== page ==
Ligation of lymph vessels can be an effective treatment modality for recurrent inguinal lymphoceles following inguinal lymphadenectomy where the lymphocele formation is not decreasing or the fluid accumulation is just too dramatic to warrant a conservative approach. The treatment is quick and easy to perform but should be reserved for the unmanageable cases to avoid overtreating patients as the condition is usually self-limiting. In the severe cases, lymph vessel ligation can be recommended but the evidence for this treatment is still only on a case series basis.
No funding was received for this project.
Open AccessThis article is distributed under the terms of the Creative Commons Attribution 4.0 International License (http://creativecommons.org/licenses/by/4.0/), which permits unrestricted use, distribution, and reproduction in any medium, provided you give appropriate credit to the original author(s) and the source, provide a link to the Creative Commons license, and indicate if changes were made. The Creative Commons Public Domain Dedication waiver (http://creativecommons.org/publicdomain/zero/1.0/) applies to the data made available in this article, unless otherwise stated.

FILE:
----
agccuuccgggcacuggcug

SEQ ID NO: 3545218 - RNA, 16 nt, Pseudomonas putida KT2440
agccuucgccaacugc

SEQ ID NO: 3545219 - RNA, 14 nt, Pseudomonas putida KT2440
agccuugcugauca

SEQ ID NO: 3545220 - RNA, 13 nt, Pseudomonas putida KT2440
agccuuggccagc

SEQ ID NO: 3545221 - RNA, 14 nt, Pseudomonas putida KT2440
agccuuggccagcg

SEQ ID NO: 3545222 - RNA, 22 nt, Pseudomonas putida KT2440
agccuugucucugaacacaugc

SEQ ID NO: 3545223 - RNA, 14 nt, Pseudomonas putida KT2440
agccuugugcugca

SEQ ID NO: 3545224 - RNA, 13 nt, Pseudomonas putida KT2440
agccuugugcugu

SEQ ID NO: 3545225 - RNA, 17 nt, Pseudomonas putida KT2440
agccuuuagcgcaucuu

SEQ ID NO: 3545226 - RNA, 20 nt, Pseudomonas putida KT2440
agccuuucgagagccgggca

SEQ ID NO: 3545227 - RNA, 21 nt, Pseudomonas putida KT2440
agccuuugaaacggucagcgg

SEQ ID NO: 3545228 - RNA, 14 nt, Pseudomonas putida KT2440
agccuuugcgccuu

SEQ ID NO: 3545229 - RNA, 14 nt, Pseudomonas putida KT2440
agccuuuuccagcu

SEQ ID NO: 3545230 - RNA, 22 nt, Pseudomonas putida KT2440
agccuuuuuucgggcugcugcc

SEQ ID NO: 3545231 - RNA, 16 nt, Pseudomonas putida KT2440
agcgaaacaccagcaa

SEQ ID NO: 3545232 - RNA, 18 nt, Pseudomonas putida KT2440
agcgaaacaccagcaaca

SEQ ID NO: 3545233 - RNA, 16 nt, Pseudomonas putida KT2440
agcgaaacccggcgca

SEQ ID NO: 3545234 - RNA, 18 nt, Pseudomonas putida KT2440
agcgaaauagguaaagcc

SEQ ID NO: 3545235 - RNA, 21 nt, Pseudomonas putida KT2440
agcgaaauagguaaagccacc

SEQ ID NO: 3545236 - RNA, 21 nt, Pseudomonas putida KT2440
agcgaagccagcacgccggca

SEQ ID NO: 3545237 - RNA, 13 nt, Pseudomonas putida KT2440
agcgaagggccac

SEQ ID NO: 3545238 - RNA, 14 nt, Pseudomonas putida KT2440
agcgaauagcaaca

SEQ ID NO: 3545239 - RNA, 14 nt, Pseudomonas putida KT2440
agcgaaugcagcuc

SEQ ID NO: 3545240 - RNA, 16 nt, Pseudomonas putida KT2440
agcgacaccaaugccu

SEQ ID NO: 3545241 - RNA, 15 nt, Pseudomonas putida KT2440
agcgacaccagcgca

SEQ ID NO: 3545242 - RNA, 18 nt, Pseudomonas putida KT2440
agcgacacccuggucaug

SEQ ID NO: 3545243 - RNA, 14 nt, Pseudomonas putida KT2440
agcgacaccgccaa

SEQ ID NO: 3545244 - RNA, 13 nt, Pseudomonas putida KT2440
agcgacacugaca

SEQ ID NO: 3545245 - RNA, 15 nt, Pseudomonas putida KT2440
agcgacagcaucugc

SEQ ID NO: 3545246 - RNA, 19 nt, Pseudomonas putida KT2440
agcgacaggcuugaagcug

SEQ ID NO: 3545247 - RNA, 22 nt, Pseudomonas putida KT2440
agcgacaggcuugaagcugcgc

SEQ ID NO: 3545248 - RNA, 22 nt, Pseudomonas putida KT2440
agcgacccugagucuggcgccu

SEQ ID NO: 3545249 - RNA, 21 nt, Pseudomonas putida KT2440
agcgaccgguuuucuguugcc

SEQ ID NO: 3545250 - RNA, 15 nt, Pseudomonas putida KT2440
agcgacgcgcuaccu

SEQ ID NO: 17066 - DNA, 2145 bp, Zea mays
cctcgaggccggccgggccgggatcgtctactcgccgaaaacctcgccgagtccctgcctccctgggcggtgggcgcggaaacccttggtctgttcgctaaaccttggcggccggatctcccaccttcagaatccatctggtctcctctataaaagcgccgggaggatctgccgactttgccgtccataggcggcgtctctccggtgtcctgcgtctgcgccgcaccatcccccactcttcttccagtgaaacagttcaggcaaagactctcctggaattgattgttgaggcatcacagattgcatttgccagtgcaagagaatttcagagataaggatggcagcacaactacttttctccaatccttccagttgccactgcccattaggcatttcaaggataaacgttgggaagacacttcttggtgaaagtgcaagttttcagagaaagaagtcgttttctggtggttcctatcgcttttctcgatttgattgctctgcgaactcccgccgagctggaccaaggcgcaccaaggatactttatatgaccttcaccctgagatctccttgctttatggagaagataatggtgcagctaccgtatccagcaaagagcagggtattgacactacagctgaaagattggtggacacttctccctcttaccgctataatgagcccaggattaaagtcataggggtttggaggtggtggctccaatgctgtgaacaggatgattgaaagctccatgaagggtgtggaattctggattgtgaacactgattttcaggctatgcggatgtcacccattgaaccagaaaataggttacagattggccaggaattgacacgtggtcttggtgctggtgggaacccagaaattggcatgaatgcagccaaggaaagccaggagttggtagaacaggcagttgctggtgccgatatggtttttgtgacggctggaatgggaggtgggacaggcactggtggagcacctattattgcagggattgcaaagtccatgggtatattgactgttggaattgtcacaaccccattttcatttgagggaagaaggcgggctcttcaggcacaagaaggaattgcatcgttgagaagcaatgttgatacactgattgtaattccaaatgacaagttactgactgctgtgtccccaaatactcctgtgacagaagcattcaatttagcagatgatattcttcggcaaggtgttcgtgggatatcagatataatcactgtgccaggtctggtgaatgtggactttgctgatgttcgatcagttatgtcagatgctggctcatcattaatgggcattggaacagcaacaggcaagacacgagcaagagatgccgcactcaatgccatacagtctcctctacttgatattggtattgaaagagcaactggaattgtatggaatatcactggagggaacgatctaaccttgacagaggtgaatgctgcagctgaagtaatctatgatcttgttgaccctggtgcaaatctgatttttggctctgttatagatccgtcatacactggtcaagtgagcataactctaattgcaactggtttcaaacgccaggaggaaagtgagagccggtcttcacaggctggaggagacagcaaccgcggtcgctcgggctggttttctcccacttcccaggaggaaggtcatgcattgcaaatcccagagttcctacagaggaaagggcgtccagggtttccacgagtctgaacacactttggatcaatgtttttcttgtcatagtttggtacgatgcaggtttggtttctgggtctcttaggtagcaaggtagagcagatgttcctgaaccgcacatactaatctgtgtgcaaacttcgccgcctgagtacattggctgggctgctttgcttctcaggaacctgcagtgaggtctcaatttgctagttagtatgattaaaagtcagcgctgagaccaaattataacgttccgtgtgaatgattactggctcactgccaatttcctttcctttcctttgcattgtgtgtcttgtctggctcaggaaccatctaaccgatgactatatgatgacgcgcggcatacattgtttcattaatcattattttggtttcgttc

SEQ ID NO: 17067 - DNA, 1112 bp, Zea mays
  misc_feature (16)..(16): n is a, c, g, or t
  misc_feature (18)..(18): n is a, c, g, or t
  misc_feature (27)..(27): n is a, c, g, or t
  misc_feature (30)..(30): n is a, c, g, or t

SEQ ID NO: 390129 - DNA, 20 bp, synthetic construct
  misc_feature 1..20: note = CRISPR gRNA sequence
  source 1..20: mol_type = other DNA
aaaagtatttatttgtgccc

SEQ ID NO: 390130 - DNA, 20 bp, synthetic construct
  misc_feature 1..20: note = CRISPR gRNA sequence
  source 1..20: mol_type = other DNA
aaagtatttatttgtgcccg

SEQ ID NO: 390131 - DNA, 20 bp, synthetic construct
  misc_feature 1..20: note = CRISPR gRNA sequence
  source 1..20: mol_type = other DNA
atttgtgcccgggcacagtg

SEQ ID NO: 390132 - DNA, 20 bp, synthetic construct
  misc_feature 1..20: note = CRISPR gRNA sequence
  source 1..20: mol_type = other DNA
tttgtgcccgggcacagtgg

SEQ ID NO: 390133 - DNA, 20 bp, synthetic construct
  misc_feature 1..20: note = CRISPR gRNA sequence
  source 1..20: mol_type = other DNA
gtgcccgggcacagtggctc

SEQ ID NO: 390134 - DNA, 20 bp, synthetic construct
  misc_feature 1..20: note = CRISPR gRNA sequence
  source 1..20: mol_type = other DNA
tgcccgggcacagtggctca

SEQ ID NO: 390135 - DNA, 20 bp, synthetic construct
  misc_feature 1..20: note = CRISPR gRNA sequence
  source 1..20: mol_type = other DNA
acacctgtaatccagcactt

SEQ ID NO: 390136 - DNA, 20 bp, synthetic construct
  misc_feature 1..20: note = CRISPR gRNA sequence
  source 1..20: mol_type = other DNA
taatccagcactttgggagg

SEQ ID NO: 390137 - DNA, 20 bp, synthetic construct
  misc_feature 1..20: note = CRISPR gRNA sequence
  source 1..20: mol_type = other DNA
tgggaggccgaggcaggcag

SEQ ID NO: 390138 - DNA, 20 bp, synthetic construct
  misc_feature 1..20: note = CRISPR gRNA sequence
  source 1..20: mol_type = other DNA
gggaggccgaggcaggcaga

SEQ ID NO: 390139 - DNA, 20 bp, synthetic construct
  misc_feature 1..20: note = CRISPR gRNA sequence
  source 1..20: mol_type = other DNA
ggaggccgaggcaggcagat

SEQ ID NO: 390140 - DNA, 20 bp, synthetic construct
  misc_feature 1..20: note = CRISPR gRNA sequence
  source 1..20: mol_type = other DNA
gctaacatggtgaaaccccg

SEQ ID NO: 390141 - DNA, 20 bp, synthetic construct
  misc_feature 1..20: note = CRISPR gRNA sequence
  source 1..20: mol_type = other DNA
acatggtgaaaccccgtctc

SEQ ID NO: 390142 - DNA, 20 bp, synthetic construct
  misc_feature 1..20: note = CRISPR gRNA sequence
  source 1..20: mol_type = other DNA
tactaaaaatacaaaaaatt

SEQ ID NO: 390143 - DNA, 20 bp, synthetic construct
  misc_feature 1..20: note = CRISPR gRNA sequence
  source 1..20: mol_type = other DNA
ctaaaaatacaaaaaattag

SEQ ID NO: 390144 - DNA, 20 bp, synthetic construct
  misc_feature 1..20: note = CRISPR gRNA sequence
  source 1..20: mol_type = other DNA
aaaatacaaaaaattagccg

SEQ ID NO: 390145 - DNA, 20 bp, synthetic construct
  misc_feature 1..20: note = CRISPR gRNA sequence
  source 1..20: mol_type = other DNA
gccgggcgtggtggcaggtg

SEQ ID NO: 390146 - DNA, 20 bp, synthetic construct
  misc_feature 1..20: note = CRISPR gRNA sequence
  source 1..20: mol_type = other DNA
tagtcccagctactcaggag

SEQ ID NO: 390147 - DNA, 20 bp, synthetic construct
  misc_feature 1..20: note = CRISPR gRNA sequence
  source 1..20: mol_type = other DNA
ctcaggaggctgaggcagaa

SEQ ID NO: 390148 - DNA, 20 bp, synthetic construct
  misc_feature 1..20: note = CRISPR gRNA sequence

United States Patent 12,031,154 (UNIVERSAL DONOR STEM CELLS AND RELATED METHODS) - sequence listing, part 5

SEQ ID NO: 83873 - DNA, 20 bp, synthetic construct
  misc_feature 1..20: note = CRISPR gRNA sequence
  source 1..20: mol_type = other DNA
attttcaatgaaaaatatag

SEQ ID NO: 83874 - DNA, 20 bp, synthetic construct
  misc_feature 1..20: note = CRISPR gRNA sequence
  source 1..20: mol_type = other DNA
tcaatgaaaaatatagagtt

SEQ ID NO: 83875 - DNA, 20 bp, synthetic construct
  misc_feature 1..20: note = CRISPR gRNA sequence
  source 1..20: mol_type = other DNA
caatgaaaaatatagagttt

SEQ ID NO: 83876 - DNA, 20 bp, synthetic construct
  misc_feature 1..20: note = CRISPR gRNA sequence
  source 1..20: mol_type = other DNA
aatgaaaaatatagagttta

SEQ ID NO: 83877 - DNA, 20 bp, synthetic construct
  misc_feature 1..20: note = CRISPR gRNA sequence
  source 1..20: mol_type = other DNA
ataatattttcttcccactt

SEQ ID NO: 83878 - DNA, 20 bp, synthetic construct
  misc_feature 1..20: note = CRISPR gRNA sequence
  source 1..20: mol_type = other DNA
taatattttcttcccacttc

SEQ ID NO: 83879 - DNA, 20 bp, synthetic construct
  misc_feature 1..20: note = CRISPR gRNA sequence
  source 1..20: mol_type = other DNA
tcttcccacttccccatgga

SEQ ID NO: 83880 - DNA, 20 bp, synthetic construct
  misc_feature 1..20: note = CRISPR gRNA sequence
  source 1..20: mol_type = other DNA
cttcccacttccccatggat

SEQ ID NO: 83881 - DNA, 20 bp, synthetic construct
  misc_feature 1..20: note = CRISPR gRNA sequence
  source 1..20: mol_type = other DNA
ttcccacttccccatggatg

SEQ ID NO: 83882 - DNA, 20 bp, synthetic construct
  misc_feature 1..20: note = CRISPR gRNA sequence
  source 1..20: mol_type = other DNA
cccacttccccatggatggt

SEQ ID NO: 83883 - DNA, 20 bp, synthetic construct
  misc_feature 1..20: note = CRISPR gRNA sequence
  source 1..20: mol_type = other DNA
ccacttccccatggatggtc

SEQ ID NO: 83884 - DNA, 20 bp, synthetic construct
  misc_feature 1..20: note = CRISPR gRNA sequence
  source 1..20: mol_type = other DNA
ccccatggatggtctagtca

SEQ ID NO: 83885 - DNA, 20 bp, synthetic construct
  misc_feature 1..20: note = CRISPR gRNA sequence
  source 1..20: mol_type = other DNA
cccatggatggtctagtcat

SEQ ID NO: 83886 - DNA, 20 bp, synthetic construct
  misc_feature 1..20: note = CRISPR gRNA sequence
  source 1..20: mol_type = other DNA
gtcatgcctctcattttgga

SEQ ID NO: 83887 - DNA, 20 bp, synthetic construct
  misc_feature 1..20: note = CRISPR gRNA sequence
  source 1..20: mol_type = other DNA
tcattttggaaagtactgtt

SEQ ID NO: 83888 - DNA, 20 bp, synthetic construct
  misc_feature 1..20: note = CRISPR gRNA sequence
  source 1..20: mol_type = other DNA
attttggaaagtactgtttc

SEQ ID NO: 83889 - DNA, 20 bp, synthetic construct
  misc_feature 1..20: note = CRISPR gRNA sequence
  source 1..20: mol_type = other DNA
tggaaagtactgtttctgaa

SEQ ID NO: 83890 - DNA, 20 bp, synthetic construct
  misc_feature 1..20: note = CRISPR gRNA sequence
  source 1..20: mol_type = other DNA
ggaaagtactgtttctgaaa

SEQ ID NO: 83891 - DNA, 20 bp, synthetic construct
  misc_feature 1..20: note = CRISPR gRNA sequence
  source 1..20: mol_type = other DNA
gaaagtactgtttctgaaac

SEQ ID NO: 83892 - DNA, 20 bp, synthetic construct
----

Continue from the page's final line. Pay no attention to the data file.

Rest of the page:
- Stuiver MM, Westerduin E, Ter Meulen S, Vincent a D, Nieweg OE, Wouters MWJM. Surgical wound complications after groin dissection in melanoma patients—a historical cohort study and risk factor analysis. Eur J Surg Oncol. 2014;40:1284–90.PubMedView ArticleGoogle Scholar
- Karakousis CP, Driscoll DL. Groin dissection in malignant melanoma. Br J Surg. 1994;81:1771–4.PubMedView ArticleGoogle Scholar
- Blana A, Denzinger S, Lenhart M, Wieland WF, Ganzer R. Treatment of a recurrent inguinal lymphocele in a penis cancer patient by lymphography and selective ligation of lymphatic vessels. Int J Urol. 2007;14:450–1.PubMedView ArticleGoogle Scholar
- Lavie O, Karmeli R, Mansano R, Hallak M, Bornstein J, Abramovici H. Treatment of recurrent inguinal lymphocele by lymphatic leakage mapping and subsequent ligation of lymphatic vessel endings: a case report. Gynecol Oncol. 2002;84:155–6.PubMedView ArticleGoogle Scholar
- Pagni R, Mariani C, Minervini A, Morelli A, Giannarini G, Morelli G, et al. Treatment with intraoperative Patent Blue V dye of refractory lymphocele after inguinal lymphadenectomy for squamous cell penile carcinoma. Urology. 2009;74:688–90.PubMedView ArticleGoogle Scholar